For the last nine trading sessions, gold has closely tracked the 50-day MA, gradually descending with it. On Friday, gold gave way and traded below 1300 down to as low as 1285, but then recovered and closed above 1300, forming a candlestick hammer. Although this action on Friday was encouraging with the hammer indicating buying interest below a certain level, the fact is gold's price remains below the 50-day MA, which -- as shown in the chart below -- has served as very effective resistance for the past several months.
Also of note in the chart above, I discussed the RSI indicator in my last gold post, specifically how it can oscillate in a confined lower-bound of approximately 0-50 when the trend in momentum remains subdued. I wrote then, "The trend will remain down until this 50 level for RSI is breached meaningfully to the upside, getting to the 70+ level, inferring renewed thrust as buyers have overtaken control from sellers." With this recent price break above 1300, the RSI did not reach the 70+ level and if anything continues to be confined to the lower-bound range as depicted by the red rectangle. Again, to indicate a bullish change in the trend of momentum, the RSI needs to get to the 70+ level.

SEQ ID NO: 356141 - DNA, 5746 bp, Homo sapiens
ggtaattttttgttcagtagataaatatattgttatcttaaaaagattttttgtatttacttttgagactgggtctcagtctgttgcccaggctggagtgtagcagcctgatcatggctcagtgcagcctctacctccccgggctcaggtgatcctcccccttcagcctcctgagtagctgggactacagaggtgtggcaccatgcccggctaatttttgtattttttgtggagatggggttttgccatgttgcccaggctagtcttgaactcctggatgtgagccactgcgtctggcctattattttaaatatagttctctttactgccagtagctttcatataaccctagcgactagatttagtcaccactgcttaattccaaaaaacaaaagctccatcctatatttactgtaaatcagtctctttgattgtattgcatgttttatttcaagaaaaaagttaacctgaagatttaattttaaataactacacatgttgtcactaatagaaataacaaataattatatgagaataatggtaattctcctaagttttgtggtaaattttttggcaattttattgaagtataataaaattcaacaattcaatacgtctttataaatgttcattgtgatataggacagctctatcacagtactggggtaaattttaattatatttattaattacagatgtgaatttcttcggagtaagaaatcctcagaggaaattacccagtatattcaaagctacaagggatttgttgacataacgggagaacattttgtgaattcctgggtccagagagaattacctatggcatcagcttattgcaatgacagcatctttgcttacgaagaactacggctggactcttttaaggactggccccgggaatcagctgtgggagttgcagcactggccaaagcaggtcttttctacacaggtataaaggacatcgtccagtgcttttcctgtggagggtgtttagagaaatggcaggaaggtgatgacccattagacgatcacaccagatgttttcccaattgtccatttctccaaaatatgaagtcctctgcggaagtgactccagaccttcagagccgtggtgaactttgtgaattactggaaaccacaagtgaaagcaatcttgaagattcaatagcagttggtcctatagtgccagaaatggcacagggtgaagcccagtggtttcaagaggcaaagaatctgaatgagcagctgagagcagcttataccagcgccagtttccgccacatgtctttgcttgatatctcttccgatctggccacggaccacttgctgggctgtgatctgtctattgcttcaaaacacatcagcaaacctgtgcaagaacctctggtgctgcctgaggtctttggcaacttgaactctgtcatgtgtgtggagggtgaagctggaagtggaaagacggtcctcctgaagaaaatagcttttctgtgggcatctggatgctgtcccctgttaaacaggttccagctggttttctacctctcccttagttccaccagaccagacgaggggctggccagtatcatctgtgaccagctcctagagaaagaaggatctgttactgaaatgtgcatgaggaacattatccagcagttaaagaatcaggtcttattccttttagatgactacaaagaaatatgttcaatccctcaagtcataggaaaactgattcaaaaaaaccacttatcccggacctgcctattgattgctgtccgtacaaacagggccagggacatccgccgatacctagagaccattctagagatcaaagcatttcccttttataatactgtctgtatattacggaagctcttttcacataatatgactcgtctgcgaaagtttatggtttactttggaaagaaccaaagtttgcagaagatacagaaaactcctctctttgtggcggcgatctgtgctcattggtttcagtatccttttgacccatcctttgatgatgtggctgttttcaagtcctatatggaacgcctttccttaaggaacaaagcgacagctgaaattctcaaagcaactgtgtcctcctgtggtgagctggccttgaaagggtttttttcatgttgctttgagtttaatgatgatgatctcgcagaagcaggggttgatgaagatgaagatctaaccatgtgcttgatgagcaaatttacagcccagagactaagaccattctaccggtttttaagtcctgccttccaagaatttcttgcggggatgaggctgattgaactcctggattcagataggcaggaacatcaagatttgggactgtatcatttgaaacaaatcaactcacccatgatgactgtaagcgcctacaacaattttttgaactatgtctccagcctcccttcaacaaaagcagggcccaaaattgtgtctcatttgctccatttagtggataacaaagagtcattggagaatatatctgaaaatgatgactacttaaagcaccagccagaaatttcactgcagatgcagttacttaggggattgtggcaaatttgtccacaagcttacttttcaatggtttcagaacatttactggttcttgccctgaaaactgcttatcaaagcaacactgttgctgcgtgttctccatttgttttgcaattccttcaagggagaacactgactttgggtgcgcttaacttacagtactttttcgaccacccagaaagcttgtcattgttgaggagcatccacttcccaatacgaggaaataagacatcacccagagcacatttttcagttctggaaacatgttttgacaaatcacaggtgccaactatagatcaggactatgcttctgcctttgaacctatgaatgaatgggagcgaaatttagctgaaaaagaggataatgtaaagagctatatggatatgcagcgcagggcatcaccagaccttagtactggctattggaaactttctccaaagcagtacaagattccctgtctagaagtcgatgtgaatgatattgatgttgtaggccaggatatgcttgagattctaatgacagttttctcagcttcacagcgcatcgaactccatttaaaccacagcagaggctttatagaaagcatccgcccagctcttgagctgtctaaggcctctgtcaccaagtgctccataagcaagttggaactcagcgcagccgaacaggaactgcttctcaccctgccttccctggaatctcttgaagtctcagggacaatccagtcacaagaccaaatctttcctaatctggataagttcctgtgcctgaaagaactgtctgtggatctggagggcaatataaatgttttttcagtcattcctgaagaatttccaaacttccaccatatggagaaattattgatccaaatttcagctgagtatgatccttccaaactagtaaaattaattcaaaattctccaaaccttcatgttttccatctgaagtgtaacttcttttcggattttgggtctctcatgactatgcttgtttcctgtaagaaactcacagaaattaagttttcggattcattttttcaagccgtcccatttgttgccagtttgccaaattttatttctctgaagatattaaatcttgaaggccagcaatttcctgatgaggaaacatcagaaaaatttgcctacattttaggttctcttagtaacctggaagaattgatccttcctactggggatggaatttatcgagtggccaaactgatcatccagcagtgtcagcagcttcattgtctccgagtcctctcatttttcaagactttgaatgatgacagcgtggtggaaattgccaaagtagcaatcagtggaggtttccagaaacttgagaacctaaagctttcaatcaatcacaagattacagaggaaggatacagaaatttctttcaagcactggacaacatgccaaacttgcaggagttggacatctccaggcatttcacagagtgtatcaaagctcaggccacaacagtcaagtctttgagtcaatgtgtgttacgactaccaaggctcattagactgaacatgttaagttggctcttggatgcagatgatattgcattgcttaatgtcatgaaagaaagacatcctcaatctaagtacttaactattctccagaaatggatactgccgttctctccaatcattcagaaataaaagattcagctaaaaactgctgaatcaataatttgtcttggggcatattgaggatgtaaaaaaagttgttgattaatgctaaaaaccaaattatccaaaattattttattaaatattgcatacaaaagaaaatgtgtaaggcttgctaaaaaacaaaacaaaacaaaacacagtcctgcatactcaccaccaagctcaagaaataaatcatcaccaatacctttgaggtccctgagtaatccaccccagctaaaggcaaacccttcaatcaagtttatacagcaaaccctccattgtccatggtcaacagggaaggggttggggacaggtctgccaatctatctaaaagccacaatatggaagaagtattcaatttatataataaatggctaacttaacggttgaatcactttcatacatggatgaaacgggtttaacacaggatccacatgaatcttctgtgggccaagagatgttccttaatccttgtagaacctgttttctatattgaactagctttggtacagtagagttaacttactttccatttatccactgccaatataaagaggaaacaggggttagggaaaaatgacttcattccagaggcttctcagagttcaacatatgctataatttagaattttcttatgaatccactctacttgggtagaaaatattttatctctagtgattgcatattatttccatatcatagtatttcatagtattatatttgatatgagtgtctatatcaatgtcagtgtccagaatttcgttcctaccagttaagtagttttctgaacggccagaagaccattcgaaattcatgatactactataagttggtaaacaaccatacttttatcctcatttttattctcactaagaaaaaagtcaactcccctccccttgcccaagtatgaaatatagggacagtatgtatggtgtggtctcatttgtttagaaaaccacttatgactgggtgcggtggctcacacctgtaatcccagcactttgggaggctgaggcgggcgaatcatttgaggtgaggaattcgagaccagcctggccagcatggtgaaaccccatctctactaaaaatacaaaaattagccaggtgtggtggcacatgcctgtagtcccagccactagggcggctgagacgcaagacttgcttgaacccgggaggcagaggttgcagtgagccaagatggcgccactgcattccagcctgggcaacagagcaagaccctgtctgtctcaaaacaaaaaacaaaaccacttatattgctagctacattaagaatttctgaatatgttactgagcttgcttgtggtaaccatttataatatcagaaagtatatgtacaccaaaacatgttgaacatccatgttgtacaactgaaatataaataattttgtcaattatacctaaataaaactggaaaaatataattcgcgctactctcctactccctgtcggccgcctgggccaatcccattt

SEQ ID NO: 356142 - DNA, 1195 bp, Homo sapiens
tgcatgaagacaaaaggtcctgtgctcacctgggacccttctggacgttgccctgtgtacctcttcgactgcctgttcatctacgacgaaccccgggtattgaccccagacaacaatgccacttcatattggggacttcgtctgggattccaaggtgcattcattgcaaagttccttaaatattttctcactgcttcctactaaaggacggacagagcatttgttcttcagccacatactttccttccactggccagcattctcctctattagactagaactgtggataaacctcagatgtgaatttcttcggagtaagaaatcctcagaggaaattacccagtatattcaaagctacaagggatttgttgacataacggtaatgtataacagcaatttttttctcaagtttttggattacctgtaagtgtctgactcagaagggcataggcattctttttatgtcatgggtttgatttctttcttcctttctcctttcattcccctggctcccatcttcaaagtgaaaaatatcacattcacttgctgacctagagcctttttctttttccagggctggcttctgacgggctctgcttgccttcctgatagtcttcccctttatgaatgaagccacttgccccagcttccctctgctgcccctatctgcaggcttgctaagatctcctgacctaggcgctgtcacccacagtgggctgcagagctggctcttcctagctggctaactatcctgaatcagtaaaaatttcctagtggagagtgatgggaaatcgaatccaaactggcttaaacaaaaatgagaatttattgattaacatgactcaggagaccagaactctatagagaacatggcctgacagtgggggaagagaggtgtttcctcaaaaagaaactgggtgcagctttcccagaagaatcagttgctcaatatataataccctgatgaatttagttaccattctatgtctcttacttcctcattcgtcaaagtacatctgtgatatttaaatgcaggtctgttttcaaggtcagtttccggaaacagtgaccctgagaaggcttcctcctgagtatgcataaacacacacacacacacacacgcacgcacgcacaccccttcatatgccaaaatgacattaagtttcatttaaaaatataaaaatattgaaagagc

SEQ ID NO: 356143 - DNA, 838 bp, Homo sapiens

Note also in the chart above that the stochastic has been declining from overbought levels. In the recent past, when this indicator has descended from an 80 or higher level, price has eventually headed south. I would emphasize that if the RSI were above 70, inferring positive momentum has indeed kicked into a new gear, the decline in the stochastic would be less worrisome. The meaningful change in momentum would suggest any price retreat would likely be moderate and present a potential opportunistic entry point. But, given the current level of RSI, that's not the case.
I continue to be wary about gold, preferring to allocate assets elsewhere. I would also remind that unless I state otherwise, any comments I have about gold also apply to gold equities. The chart below shows the fairly tight relationship between gold the commodity and its associated mining equities (GDX), with the rolling 100-day correlation almost always well above 0.50 (except during the first-half of 2011, when gold bullion took off and yet gold equities went nowhere, traversing more or less sideways).
(Source of all charts above: Stockcharts.com)